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Female journalists’ assassination condemned – KabulNow

The assassination of three female media workers in Jalalabad, the capital city of the eastern Nangarhar province, was widely condemned by Afghan officials, media activists, and diplomatic missions in Kabul.

Late yesterday, March 02, three female media workers were shot dead by unknown gunmen in two separate incidents. The two journalists, who were working with Enikass TV, were shot dead simultaneously while a third female media worker was gunned down in a separate incident

Three months earlier, in December 2020, gunmen killed Malalai Maiwand, a female presenter of the same TV network in the same city.

The Afghan leaders, media organizations, Afghanistan Independent Human Rights Commission (AIHRC), the US Embassy in Kabul, the UN Assistance Mission in Afghanistan (UNAMA), the Amnesty International, and the Reporters without Borders condemned the attack.

In a statement, President Ghani said that such attacks are at odds with the peace-mongering spirit and would further prolong crisis and war. Blaming the Taliban for the attack, he assured that the militant group cannot silence the voices in support of the Republic and achievements made over the past year by conducting such “cowardly” attacks.

Abdullah Abdullah, the chairperson of the Afghan High Council for National Recompilation condemned the act of killing female journalists in Jalalabad. He said the enemies of Afghanistan cannot achieve their target by shooting down the journalists and innocent people. Abdullah urged the security and judicial institution to bring the perpetrators to justice. Such “savage attacks” cannot discourage Afghanistan from its struggle to achieve a just and sustainable peace.

The Afghan Journalists Safety Committee (AJSC) called on the government to launch a probe into such cases and share its results with the media. According to the AJSC statement, the rising threats and violence against journalists have put the freedom of speech, Afghanistan’s most important achievement, in danger and serious attempts and pressures need to be exerted.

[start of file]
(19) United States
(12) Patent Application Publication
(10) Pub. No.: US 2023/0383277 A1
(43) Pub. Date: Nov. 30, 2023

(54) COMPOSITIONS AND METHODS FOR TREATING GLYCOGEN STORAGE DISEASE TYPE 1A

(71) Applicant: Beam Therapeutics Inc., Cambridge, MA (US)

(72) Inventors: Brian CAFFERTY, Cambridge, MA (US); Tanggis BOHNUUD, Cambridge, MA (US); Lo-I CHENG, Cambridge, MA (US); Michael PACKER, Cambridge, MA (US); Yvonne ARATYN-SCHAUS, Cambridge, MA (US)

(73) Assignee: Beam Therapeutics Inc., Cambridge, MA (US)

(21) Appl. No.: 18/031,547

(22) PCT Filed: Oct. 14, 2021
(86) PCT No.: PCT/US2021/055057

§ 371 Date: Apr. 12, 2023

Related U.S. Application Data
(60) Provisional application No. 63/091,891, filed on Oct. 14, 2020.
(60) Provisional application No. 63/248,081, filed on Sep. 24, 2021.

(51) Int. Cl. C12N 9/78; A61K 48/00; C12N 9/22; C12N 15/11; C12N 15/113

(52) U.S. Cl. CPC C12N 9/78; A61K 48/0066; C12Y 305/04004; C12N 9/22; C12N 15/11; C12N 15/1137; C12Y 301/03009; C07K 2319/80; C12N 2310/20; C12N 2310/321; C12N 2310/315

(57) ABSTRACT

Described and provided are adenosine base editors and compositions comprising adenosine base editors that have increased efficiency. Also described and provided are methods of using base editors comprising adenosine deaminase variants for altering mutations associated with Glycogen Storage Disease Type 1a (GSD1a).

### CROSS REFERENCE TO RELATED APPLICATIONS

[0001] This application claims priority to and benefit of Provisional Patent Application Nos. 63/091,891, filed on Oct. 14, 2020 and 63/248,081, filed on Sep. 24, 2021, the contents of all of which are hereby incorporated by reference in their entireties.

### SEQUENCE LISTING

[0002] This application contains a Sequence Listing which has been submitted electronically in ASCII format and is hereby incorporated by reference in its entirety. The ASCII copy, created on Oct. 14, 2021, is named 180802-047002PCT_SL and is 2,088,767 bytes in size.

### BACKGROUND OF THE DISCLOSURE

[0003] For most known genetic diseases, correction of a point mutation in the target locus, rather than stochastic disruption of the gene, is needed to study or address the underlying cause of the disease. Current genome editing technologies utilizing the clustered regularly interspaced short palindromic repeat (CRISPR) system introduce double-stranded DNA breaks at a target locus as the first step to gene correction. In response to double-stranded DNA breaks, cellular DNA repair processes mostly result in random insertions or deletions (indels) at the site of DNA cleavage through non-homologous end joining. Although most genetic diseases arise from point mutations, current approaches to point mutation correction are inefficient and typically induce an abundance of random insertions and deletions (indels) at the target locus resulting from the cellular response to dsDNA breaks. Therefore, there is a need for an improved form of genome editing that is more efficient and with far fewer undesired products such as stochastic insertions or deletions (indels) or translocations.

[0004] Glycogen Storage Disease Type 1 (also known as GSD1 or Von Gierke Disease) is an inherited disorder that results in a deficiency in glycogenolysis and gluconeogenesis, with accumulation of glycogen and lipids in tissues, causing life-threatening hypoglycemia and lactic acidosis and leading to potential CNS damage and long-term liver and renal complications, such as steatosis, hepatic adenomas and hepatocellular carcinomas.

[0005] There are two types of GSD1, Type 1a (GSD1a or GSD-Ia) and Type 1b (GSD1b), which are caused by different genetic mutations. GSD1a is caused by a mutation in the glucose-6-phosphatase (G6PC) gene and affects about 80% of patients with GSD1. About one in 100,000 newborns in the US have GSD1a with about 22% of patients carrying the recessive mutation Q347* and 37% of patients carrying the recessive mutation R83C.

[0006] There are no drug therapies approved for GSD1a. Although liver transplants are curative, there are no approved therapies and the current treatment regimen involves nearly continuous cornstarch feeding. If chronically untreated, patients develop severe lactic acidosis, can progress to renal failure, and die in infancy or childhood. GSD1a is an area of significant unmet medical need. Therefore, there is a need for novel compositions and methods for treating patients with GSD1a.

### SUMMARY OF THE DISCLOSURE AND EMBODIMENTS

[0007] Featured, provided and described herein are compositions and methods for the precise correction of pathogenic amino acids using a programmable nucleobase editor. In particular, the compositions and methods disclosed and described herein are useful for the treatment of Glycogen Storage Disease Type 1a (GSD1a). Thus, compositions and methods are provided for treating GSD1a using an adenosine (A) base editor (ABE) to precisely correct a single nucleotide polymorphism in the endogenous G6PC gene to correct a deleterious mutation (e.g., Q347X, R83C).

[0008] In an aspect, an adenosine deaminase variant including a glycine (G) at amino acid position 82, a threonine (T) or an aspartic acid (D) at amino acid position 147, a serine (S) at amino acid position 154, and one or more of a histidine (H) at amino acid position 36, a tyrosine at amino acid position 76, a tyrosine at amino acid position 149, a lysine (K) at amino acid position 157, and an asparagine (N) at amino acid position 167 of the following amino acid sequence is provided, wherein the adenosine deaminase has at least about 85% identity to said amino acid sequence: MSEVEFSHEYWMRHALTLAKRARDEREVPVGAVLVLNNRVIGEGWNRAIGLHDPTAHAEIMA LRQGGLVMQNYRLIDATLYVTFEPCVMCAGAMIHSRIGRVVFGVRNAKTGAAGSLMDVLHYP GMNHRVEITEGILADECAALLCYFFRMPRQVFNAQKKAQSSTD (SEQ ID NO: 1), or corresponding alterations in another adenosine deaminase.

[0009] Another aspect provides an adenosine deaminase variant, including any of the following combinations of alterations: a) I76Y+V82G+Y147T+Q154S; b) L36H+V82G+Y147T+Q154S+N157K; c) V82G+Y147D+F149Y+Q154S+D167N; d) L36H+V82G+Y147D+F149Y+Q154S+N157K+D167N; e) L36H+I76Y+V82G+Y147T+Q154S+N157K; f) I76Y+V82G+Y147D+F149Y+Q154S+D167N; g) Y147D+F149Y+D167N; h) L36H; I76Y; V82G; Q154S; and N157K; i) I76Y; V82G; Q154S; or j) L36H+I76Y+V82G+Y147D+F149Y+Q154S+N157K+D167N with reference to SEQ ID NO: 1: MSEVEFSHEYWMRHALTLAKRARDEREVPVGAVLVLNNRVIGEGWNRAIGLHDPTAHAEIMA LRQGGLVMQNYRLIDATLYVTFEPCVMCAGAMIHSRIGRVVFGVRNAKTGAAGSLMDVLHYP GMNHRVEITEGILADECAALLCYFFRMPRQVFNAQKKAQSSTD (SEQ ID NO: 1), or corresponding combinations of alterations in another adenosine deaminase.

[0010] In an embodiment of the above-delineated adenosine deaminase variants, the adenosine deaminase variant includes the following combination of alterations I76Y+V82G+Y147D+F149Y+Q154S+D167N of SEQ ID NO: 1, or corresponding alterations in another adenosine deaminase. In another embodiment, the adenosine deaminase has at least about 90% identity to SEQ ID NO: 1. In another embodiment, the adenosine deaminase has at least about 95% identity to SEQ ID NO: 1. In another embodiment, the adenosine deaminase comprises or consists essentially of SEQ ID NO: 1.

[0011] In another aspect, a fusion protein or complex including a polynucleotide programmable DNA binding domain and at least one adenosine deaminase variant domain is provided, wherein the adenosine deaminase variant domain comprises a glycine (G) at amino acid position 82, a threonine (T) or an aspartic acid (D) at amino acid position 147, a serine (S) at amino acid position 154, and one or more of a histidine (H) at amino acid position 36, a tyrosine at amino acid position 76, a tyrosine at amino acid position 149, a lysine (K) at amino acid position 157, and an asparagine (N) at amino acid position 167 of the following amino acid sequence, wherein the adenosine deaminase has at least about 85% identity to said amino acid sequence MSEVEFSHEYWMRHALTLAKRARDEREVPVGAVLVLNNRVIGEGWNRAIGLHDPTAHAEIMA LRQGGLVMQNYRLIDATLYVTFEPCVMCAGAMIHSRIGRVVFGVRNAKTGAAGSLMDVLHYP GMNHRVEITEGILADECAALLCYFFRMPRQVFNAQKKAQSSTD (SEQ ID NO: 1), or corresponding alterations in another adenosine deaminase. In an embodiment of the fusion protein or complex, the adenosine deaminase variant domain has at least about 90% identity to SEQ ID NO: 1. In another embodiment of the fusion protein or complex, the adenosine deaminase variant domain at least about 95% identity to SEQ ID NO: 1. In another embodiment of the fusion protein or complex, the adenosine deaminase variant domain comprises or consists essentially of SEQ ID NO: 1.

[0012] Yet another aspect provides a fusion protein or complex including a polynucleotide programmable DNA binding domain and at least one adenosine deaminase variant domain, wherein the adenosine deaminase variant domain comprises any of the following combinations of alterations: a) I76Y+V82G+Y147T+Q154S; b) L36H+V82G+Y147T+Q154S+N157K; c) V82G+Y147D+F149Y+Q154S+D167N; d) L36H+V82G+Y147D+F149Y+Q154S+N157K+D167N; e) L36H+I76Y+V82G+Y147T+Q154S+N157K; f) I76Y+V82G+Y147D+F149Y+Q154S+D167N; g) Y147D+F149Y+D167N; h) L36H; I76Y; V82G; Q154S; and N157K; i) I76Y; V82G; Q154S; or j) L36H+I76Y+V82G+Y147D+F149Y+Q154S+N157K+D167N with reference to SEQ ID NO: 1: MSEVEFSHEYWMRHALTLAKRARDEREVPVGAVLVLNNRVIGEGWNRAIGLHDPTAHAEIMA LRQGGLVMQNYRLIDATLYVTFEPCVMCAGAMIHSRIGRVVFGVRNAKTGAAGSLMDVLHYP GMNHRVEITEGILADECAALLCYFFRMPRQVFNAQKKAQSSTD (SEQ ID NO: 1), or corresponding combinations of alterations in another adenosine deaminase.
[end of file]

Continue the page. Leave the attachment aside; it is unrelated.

NAI, which is an organization supporting the open media in Afghanistan, called on the government to develop a preemptive security measure against targeted killings of the journalists and reduce their vulnerabilities against such attacks.

Describing the attack as “extremely shocking”, the AIHRC noted that freedom of speech is threatened by attacks against media, civil society, and human rights activists. It called on the government to identify the perpetrators, bring them to justice, and ensure the security of these activists. “The government is the main [authority] responsible for the protection and ensuring security.”

“These attacks are meant to intimidate; they are intended to make reporters cower; the culprits hope to stifle freedom of speech in a nation where the media has flourished during the past 20 years. This cannot be tolerated,” the US Embassy in Kabul said in a statement. It further called for an end to impunity with “open and transparent investigation” into such murders.

No group has claimed responsibility for the attack. Zabihullah Mujahid, a Taliban spokesperson, has rejected the group’s involvement in the attack.

Jumagul Hemmat, police chief of Nangarhar province, has confirmed that police forces have already arrested the plotter of the attack against the three female journalists. He identified the plotter as Qari Bassir, who was arrested with a handgun and a Rickshaw from the scene of the attack.

Attacks on journalists and rights activists have increased in recent months. At least 14 activists including journalists were targeted over the last four months.

The US Embassy in Kabul, in a tweet, has called for an end to violence against journalists.

Reference